So there I was last week at a funeral facing a large audience made up mostly of folks who rarely, if ever, walk through the doors of a church.  I was asked to preach on Psalm 23.  This psalm presents incredible evangelistic potential and I tried to work with that.  It’s not hard to preach Christ from Psalm 23.  As I was preaching, I had a well-placed source in the audience who couldn’t help but pay attention to some of the reactions around her.  I spoke repeatedly about how David was saying this and saying that.  Audience members were heard to say to one another, “Why is he talking about David?  It’s Bryan’s funeral.  He keeps saying the wrong name!”  Face palm.  That’s my face.  My palm.  My bad.  I failed to say anything about the author of the Psalm as background — I just assumed that everyone knew that King David from the Old Testament wrote Psalm 23.  It wasn’t in the program with the Bible reading either.  That name “David” just dropped out of the sky and it confused and distracted listeners.  I over-estimated the biblical literacy of my audience and it presented somewhat of an obstacle to my presentation of the gospel message.

Normally I try to keep these things in mind, but this time around I dropped the ball.  Now you might say that it’s not a big deal, that the Holy Spirit can still work through a jar of clay even with a less-than-perfect message.  Yes, I believe that too and it does give me comfort.  And have I ever preached anything else besides a less-than-perfect message?  No, even my best sermons are stained with sin and plagued by weakness.  Yet I still want to be as effective a gospel communicator as I can.  After all, souls are in the balance.  I feel the weight of eternity on me every time I preach.  As I looked at all the faces in front of me last week, I remembered that they are all either going to heaven or hell — forever.  It’s ultimately in God’s hands, but I want to be his instrument so that they can know Christ and eternal life in him.  Because he is worthy, I want to honour him with a full-on effort where no one can walk away and say that they didn’t get it.  They might not believe, but they should still be able to know exactly what they’re rejecting.  Responding to the message is their responsibility.  Giving a clear message to which they have to respond is mine.  Should God give me another chance, I’m going to try and remember Angelina’s advice.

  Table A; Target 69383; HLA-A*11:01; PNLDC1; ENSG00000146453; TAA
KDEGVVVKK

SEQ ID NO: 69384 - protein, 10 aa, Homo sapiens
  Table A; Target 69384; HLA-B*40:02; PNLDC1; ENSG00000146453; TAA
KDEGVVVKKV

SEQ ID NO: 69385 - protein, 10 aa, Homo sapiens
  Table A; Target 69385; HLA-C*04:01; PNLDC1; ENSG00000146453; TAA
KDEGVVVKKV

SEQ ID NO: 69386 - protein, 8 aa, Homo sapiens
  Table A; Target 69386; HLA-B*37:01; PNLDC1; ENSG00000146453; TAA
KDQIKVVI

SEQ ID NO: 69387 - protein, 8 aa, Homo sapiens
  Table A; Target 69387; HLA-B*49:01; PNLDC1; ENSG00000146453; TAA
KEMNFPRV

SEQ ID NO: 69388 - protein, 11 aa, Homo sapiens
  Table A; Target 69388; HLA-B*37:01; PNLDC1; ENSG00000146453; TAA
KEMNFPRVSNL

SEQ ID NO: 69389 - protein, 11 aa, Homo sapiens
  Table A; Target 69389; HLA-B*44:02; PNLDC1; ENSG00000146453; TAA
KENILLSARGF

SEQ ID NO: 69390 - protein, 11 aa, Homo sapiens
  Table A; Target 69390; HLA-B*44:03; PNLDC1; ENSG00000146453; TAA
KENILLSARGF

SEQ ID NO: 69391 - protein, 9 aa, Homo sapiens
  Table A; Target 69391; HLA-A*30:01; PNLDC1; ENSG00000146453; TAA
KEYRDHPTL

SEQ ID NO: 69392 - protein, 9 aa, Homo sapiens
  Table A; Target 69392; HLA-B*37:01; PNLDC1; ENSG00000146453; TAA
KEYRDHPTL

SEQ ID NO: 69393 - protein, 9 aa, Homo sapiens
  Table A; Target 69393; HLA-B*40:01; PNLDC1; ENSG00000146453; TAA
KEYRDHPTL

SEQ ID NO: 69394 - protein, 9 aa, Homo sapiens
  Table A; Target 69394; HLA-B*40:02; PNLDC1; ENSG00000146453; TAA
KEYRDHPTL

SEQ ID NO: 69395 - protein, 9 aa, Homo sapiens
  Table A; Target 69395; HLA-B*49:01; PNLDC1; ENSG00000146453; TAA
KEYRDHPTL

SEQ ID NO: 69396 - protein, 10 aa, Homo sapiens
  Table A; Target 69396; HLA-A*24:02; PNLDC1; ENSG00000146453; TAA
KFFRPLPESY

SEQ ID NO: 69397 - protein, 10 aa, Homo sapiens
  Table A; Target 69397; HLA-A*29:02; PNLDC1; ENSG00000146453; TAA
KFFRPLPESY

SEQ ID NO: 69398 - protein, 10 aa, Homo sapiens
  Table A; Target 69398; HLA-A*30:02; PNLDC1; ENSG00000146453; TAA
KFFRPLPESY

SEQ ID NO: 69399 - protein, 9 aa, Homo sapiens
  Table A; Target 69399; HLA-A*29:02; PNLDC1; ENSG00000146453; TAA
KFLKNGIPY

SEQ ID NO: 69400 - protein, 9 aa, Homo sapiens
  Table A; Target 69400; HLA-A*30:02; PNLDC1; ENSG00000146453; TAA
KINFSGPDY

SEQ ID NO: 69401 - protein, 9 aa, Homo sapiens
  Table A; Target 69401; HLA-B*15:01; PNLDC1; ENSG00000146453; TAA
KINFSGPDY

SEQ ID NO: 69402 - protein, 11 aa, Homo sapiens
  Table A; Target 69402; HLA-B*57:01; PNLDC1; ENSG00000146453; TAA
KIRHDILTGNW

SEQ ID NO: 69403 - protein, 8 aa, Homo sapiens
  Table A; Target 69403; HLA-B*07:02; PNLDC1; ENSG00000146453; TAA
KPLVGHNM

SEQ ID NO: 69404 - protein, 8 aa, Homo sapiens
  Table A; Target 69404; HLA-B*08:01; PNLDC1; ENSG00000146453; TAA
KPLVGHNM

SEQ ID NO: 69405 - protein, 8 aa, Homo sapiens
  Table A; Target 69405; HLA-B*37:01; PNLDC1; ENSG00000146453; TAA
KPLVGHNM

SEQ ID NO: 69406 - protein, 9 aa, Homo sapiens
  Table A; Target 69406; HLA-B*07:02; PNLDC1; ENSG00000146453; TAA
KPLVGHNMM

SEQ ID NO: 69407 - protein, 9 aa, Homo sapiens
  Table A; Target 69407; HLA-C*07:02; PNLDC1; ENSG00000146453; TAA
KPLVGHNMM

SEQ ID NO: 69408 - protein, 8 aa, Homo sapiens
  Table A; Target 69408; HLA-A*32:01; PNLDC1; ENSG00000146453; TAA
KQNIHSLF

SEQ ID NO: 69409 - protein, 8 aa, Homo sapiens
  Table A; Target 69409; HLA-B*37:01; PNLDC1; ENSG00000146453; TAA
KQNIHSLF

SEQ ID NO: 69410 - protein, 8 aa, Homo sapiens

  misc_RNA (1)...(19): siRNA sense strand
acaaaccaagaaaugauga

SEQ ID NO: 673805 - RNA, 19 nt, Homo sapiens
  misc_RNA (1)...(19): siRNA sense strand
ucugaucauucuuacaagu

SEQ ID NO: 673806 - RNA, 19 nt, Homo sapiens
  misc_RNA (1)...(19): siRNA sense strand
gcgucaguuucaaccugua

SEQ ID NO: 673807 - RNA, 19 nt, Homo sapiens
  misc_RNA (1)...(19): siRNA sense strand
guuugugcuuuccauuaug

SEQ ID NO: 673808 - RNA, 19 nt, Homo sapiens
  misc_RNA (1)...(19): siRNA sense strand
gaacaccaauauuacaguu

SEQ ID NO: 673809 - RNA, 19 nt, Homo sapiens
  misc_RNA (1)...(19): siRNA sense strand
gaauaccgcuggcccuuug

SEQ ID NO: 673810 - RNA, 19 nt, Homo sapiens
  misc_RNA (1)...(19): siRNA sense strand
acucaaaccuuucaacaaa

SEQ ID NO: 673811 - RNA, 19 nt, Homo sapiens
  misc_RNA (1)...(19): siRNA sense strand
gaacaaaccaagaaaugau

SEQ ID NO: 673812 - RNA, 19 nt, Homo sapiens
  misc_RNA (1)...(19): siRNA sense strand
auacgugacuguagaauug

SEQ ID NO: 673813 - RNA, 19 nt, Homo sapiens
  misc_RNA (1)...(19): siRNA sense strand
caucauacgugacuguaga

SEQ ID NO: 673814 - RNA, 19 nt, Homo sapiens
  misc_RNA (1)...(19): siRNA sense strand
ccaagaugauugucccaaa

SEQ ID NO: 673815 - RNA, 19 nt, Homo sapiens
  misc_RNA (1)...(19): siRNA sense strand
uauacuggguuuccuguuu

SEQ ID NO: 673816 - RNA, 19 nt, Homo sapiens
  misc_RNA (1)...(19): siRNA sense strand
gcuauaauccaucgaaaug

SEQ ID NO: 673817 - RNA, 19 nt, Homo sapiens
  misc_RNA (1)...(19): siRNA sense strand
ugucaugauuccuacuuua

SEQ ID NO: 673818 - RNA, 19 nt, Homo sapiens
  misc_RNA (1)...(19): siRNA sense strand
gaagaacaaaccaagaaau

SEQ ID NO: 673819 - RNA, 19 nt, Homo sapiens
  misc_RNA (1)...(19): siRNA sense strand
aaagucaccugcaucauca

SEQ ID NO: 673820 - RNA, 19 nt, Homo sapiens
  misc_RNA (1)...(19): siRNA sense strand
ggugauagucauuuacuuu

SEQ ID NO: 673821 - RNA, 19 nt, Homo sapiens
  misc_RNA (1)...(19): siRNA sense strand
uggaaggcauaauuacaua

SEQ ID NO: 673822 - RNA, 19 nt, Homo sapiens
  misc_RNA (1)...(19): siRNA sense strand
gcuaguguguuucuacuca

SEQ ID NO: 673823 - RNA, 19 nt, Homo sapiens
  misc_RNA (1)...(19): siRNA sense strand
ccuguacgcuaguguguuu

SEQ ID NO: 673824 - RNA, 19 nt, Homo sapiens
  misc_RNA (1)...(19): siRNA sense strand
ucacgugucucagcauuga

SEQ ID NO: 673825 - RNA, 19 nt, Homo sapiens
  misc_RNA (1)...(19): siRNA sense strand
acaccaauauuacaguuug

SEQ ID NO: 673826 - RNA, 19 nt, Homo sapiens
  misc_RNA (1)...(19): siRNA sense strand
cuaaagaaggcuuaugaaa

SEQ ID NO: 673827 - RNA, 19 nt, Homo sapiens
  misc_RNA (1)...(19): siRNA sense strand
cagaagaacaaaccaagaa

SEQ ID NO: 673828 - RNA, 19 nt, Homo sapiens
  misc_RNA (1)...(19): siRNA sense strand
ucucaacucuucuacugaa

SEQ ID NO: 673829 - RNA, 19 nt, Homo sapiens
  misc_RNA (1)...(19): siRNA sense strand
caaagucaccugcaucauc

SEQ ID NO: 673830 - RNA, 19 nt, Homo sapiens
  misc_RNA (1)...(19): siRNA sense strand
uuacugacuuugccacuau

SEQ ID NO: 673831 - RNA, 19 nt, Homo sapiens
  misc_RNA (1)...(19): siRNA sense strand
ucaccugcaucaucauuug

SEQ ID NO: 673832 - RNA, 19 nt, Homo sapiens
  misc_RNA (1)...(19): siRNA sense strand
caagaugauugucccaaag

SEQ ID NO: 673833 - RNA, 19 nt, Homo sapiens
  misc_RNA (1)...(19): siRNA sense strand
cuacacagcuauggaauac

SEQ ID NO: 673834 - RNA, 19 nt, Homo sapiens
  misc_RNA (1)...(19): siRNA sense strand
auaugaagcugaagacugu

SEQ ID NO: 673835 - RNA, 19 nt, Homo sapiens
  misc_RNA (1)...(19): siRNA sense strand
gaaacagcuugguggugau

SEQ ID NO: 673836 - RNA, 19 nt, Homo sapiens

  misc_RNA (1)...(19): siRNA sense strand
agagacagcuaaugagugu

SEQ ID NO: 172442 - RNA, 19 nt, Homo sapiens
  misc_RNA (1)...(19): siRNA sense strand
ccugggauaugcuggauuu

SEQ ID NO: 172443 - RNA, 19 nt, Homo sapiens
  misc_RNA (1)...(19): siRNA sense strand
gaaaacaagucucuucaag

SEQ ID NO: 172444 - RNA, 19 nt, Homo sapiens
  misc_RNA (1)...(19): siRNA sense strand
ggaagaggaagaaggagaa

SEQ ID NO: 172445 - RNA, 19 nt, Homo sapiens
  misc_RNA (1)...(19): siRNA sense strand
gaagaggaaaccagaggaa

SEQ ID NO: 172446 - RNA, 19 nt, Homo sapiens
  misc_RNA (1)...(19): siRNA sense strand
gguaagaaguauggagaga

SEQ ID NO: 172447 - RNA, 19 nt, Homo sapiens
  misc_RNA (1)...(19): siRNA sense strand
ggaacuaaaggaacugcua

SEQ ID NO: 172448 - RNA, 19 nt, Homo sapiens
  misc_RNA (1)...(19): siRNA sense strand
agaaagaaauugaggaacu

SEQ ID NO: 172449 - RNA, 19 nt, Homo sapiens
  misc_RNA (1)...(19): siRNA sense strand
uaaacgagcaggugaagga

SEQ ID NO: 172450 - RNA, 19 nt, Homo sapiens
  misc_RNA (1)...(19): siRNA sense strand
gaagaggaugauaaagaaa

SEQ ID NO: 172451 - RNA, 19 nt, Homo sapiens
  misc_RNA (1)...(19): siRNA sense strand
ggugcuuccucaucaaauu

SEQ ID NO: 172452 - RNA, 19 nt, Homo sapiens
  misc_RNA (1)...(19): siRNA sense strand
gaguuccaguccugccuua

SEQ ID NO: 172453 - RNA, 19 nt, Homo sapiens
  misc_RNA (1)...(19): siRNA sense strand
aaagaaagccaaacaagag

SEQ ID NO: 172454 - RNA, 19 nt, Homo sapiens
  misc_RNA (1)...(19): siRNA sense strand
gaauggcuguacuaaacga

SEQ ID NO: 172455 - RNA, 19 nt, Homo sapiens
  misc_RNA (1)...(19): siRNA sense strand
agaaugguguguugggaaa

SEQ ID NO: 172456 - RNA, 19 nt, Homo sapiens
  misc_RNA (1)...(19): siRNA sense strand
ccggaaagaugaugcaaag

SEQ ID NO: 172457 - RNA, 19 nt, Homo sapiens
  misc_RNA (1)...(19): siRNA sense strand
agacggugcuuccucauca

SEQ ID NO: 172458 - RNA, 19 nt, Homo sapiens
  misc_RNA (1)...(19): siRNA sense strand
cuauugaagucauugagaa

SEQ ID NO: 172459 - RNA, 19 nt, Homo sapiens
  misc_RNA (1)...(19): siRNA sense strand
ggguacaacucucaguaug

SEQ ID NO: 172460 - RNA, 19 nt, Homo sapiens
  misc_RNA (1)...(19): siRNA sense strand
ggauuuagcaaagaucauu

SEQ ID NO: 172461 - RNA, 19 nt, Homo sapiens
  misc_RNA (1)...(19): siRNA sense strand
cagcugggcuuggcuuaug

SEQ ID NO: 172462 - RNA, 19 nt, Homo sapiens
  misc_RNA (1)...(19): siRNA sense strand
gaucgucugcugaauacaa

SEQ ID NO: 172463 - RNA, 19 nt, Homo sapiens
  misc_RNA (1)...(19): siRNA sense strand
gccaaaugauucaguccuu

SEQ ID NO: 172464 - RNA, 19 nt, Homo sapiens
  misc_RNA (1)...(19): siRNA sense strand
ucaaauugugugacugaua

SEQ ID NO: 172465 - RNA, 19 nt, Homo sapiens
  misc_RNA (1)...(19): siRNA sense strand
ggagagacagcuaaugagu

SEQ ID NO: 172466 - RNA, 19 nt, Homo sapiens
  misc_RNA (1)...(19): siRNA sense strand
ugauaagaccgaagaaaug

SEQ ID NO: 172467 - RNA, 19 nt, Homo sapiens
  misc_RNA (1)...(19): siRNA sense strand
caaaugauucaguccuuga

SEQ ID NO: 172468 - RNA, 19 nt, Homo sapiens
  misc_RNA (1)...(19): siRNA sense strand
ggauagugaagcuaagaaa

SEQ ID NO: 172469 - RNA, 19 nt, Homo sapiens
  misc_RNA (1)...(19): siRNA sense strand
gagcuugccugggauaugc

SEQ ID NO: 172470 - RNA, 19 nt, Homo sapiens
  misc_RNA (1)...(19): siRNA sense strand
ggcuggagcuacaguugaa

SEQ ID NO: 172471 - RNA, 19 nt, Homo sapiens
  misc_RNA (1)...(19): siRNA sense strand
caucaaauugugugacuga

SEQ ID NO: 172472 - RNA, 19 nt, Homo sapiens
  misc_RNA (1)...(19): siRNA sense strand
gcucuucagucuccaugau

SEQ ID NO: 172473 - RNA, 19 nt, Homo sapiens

Ten Ways to a More Welcoming Church

friendly church greeters

Reformed churches who hold to the Heidelberg Catechism understand that, when Christ taught us to pray “Your kingdom come,” part of what he was teaching us to ask for is for God “to preserve and increase” his church (HC QA 123).  As I’ve explained elsewhere, the word “increase” is definitely referring to numerical increase.  Christ teaches us to pray for the numerical growth of the church.  If we are going to pray that sincerely, then we had better also be prepared for when God begins to answer such a petition.  If we pray for visitors, we also have to be prepared to welcome these visitors in the most God-glorifying and loving way that we can.  Let me share ten practical ways in which churches can show a more friendly face to a newcomer.

I should note two things before we begin:  first, I’m writing mostly for the benefit of Free Reformed Churches and Canadian Reformed Churches.  Others might find some value in what I say here too, but my target audience are the folks I know best.  Second, none of this involves doing anything different within the worship service itself.  Being a friendly, welcoming church does not mean making changes to the elements of our worship service and the awe and reverence we want to show to God.


  • A Professional and Informative Website.  Before most visitors come through the church doors, they are almost always going to check out your website first.  This is the face of your church to the world.  Because of who we represent, it’s crucial that we put our best foot forward with a clean (uncluttered), easy-to-navigate website with helpful information.  I recently saw a church website that didn’t even list an address or service times, let alone contact information — inexcusable!
  • Designated Visitor Parking.  I have yet to see this done at any Reformed church, but it is a great idea.  It’s especially important if your church parking lot is already congested with regular members.  The last thing you want is a visitor driving up to your church, seeing a full parking lot, and then deciding to go elsewhere or nowhere at all.